Opal machines to be turned off on Sydney buses amid industrial dispute
By Tom Rabe https://www.smh.com.au/by/tom-rabe-h1f8u2
November 21, 2021 — 6.00pm
Opal machines will be turned off on thousands of bus services across Sydney’s west and inner west on Monday amid an ongoing industrial dispute.
The action will occur in regions three and six and is likely to leave a sizeable dent in farebox revenue as drivers switch off their Opal card readers for 24 hours.
Private bus operator Transit Systems runs the two regions, which service Parramatta, Liverpool and Fairfield as well as the entire inner west.
Bus drivers across Sydney’s west and inner west will turn their Opal machines off for 24 hours amid an ongoing pay dispute.
Bus drivers across Sydney’s west and inner west will turn their Opal machines off for 24 hours amid an ongoing pay dispute.Credit:Renee Nowytarger
Members for both the Rail, Tram and Bus Union as well as the Transport Workers Union will take part in the action, which members say has come about over a “two-tiered” pay system.
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TWU NSW state secretary Richard Olsen said many commuters in the two regions wouldn’t need to pay for their trips on Monday.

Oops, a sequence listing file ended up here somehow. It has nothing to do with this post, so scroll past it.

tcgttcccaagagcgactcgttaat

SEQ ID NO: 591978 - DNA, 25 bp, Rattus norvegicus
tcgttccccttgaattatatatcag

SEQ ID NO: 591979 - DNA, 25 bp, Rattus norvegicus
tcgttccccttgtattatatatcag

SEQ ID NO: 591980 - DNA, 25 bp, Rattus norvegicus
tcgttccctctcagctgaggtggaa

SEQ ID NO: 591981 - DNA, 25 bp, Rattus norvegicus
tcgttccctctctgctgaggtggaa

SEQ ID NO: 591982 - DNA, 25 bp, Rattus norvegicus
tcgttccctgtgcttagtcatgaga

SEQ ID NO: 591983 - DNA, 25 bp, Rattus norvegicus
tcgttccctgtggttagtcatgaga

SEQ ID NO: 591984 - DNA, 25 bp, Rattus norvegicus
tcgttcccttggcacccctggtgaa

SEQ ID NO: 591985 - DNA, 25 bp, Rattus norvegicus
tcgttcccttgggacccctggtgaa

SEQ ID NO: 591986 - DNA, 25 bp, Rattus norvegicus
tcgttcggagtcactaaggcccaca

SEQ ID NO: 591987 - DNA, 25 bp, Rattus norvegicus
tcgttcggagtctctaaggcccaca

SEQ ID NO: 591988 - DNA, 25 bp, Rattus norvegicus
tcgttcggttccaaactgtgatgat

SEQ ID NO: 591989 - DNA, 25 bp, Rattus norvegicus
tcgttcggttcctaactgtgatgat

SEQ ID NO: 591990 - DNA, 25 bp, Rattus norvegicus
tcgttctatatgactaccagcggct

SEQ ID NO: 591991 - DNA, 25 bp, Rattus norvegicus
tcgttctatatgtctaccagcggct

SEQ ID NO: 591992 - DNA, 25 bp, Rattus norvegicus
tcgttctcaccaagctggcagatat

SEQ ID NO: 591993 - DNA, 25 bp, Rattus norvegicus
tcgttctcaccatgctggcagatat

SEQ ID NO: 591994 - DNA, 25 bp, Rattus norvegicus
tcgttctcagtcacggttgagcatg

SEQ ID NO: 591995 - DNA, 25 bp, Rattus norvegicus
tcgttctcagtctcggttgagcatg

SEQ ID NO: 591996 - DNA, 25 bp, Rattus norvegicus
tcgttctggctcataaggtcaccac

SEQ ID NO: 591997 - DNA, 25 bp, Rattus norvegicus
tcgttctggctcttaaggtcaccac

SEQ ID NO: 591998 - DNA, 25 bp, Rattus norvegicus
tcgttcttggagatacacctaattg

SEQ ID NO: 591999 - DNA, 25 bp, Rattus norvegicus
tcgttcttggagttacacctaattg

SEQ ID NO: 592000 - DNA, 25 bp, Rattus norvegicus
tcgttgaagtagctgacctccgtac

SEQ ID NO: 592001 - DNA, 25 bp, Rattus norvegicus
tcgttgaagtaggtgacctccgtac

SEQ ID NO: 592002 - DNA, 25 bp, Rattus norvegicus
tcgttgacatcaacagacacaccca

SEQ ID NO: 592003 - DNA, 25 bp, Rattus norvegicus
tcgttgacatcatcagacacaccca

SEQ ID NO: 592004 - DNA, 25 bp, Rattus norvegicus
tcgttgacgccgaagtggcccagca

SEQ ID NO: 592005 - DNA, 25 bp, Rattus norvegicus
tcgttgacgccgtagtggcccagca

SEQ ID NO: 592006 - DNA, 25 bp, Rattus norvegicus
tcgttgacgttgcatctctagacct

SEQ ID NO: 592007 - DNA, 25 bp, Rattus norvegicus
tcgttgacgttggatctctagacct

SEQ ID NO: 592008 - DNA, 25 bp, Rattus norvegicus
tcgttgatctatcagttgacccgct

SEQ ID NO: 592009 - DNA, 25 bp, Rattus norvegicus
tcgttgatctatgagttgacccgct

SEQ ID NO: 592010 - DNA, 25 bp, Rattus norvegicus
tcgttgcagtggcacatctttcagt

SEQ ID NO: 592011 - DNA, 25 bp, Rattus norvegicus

“To anyone getting on a bus in Sydney’s south-west and inner west tomorrow, you can leave your Opal card in your wallet,” he said.
“They’re not asking for much, all drivers want is a guarantee that whether you’re driving a bus in Liverpool or in Leichhardt, you will be paid the same regardless.”
But a Transit Systems spokeswoman said they anticipated many of the services would keep their Opal readers on for the day.
“All buses will operate on normal timetables tomorrow, and we anticipate that the majority of buses will have the Opal machines turned on,” they said.
“We have undertaken nine separate negotiation meetings, of which, the TWU attended only one and the RTBU attended just four.”
RTBU NSW bus division secretary David Babineau said the government’s move to privatise transport services would result in more industrial action across the city.
“This is what happens when public transport is privatised and run for profit. The public are robbed of their reliable services and workers are robbed of their pay and conditions,” Mr Babineau said.
The NSW government was on Sunday working to ensure that there were no impacts to services on Monday. Transport Minister Rob Stokes met with the union officials about the matter earlier this month.
The action is the latest in a series of industrial measures taken by the city’s transport workers as many renegotiate their pay conditions.
Rail workers last month stopped operating almost all of the state’s trains https://www.smh.com.au/national/nsw/transport-chaos-predicted-for-sydney-ahead-of-train-strike-20211019-p591b6.html, throwing the network into disarray amid a pay and safety dispute.
A Transport for NSW spokeswoman said negotiations were taking place between the unions and private operator, and the agency’s priority was to ensure commuters weren’t impacted by the industrial action.
“As action is yet to take place we will assess the impact on Opal revenue in due course,” the spokeswoman said.
A Transit Systems spokeswoman said the company had communicated “extensively” with its employees through twice-weekly question and answer updates.